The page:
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Marvin Nathan ’66

Longtime equal rights advocate to begin 3-year term as national chair of the ADL

As a student at the Law Center, John Unger knew what type of law he didn’t want to practice after graduation. 
“I knew I didn’t want to be a litigator,” says Unger ’77, who went on to a rewarding career writing contracts and negotiating deals. 
Now general counsel at NEXT Financial Group, Unger previously worked at several Houston-area firms, including as a founder of Snell & Smith PC and a corporate section partner at Thompson and Knight before moving to the corporate side as senior vice president and general counsel of Sanders Morris Harris Group (aka Edelman Financial Group) in the mid-2000s.
“If it were not for the University of Houston Law Center, I would not be where I am today,” says the active alumnus.
A longtime director of the Law Foundation, Unger is also a member of the Dean’s Society and provides funding for the annual Law Center Gala. Most recently, he became a Law Scholar Patron, pledging to fund $30,000 over three years to help attract the most qualified applicants to the Law Center. 
"It is very important for University of Houston Law Center alumni to contribute to the Law Fund so that the Law Center can compete with other law schools in the state for the top potential students," Unger said.
Sept. 21, 2015 – University of Houston Law Center alumnus and longtime equal rights advocate Marvin Nathan next month will take the reins as National Chair of the Anti-Defamation League at a time when he sees anti-Semitism increasing around the world and extremism in the U.S. played out almost daily in headlines.

With 27 regional offices in the U.S. and one in Israel, Nathan said the mission of the 102-year-old organization remains two-fold: To stop the defamation of Jewish people and to secure justice and equality for all people.

“Anti-Semitism worldwide is increasing,” Nathan said, referring to a global poll the organization conducted recently to document anti-Semitic incidents and sentiment. “Some of the numbers are alarming.”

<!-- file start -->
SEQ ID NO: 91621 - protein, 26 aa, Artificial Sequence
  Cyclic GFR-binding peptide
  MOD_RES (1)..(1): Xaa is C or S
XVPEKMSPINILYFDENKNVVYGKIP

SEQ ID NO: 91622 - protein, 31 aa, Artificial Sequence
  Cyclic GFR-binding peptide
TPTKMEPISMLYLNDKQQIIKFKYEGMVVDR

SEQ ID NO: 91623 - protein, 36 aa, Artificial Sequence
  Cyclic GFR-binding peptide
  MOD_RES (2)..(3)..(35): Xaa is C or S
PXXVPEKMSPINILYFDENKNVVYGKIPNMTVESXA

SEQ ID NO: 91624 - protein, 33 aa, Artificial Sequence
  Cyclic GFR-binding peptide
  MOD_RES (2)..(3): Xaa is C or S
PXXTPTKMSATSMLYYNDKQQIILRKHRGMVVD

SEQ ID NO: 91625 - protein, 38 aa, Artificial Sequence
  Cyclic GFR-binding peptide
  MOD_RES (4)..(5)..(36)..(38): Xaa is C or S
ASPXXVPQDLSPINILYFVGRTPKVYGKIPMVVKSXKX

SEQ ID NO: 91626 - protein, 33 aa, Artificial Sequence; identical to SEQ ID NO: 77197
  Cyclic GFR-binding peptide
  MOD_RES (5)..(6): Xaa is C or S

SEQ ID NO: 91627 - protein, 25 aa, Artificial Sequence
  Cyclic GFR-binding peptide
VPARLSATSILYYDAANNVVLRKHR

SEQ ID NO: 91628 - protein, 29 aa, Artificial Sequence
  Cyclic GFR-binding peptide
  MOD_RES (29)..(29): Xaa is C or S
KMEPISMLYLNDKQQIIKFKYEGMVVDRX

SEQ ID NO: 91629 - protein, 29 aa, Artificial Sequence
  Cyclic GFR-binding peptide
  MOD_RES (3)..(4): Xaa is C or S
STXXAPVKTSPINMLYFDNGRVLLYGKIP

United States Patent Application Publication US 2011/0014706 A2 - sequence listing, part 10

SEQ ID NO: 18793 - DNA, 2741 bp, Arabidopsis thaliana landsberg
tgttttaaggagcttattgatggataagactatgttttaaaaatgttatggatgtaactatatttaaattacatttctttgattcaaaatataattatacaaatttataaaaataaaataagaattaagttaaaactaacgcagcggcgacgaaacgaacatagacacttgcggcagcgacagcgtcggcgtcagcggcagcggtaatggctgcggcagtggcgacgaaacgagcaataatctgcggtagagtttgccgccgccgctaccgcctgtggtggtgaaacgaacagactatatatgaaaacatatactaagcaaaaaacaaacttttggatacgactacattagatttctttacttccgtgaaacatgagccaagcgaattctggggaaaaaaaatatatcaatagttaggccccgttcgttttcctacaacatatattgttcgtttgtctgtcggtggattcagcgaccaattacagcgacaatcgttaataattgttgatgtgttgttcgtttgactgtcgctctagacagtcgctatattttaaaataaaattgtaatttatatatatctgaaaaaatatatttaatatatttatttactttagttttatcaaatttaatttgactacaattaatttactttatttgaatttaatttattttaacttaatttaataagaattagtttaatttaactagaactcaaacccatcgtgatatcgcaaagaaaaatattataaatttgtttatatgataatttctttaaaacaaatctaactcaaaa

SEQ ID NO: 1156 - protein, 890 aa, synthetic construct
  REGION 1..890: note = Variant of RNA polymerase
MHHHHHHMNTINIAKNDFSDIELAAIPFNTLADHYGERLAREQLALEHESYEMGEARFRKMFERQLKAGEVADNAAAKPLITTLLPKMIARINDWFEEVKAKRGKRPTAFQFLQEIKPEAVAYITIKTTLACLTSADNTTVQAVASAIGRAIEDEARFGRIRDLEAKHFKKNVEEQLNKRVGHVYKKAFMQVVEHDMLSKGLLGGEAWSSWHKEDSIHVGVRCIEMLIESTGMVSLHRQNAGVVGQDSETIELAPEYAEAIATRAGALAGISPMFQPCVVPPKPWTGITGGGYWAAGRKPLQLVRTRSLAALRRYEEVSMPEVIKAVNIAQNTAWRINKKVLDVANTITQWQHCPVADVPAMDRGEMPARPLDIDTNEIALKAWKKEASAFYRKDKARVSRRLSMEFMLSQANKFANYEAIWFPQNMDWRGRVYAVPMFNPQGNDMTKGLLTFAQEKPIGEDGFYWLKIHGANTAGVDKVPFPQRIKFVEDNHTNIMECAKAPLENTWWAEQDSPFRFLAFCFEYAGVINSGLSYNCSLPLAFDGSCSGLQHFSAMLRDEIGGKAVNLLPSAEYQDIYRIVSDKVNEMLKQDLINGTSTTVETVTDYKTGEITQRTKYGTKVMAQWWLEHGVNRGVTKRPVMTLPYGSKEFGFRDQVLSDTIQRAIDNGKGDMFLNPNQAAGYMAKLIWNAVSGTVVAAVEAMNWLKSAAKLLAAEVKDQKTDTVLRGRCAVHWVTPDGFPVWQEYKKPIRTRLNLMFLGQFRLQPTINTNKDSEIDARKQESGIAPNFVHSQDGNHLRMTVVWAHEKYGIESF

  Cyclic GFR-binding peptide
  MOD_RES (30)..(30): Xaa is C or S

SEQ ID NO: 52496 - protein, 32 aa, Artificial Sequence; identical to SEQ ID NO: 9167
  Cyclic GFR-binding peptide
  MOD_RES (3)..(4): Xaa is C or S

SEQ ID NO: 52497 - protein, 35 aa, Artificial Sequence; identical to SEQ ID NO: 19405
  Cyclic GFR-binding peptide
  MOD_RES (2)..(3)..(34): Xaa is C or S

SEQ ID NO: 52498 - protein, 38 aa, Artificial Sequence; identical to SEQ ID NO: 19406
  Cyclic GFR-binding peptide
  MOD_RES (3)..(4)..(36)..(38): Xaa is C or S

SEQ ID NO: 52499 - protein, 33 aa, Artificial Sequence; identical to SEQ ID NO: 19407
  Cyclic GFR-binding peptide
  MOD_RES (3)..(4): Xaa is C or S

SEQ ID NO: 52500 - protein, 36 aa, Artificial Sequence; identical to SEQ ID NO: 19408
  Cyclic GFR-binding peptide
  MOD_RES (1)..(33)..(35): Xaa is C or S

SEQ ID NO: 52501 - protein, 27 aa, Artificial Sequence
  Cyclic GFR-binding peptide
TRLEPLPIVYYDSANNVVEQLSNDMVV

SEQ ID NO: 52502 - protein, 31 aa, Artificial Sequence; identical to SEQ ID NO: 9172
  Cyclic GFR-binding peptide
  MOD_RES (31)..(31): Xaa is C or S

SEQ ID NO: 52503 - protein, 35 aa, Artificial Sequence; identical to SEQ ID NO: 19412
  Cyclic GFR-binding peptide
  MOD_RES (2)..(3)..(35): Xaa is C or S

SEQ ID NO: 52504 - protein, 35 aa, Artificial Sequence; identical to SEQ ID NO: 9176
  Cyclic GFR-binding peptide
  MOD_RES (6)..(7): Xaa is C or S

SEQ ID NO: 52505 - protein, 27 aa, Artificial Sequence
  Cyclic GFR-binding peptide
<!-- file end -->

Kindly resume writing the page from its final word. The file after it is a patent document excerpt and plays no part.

“Issues change over time,” he said, “and continue to be a challenge for the ADL and other organizations.” He cited the U.S. Supreme Court ruling on marriage equality as a recent success while noting racism and inequality, which, he said, were evident in Ferguson, Missouri, and Baltimore, Maryland, remain a primary focus. “Extremism continues to ramp up on both the left and the right,” he said.

Nathan noted that in 1981 the ADL drafted the model hate crimes statute that has become law in 45 states, including Texas, and served as the model for current federal law. The organization is working for passage of similar statutes in the remaining five states.

Closer to home, Nathan said the Houston ADL is working in support of the November referendum on the so-called HERO ordinance. The controversial equal rights measure approved by City Council would prohibit discrimination in employment, housing, and other sectors based on a broad range of protected classes, including sexual preference and gender identity.

Nathan’s commitment to equal rights began in the mid-60s during the turbulent days of the civil rights movement. As a student in the UH law school class of 1966, he heard the U.S. Solicitor General Archibald Cox speak about the struggle in the south and the Voting Rights Act of 1965 and was inspired to become a trial lawyer in the Civil Rights Division of the U.S. Department of Justice after graduation.  He investigated and prosecuted several significant cases before returning to Houston.  In 1970, he and others founded the firm that would become Nathan Sommers Jacobs. He practices in the areas of real estate, general corporate, and business organization law.

Nathan is a longtime supporter of the University of Houston and the Law Center, which awarded him the Volunteer of the Year Award in 1994 and 1995, the Law Alumni Association President’s Award in 1991, the Dean’s Award in 1993 and 2004, and the Alumnus of the Year Award in 1997. The University of Houston awarded him the Distinguished Alumnus Award in 2008.

Nathan summed up his decades-long advocacy of equal rights in a previous Law Center publication: “Helping others is one of the critical pillars of the legal profession.”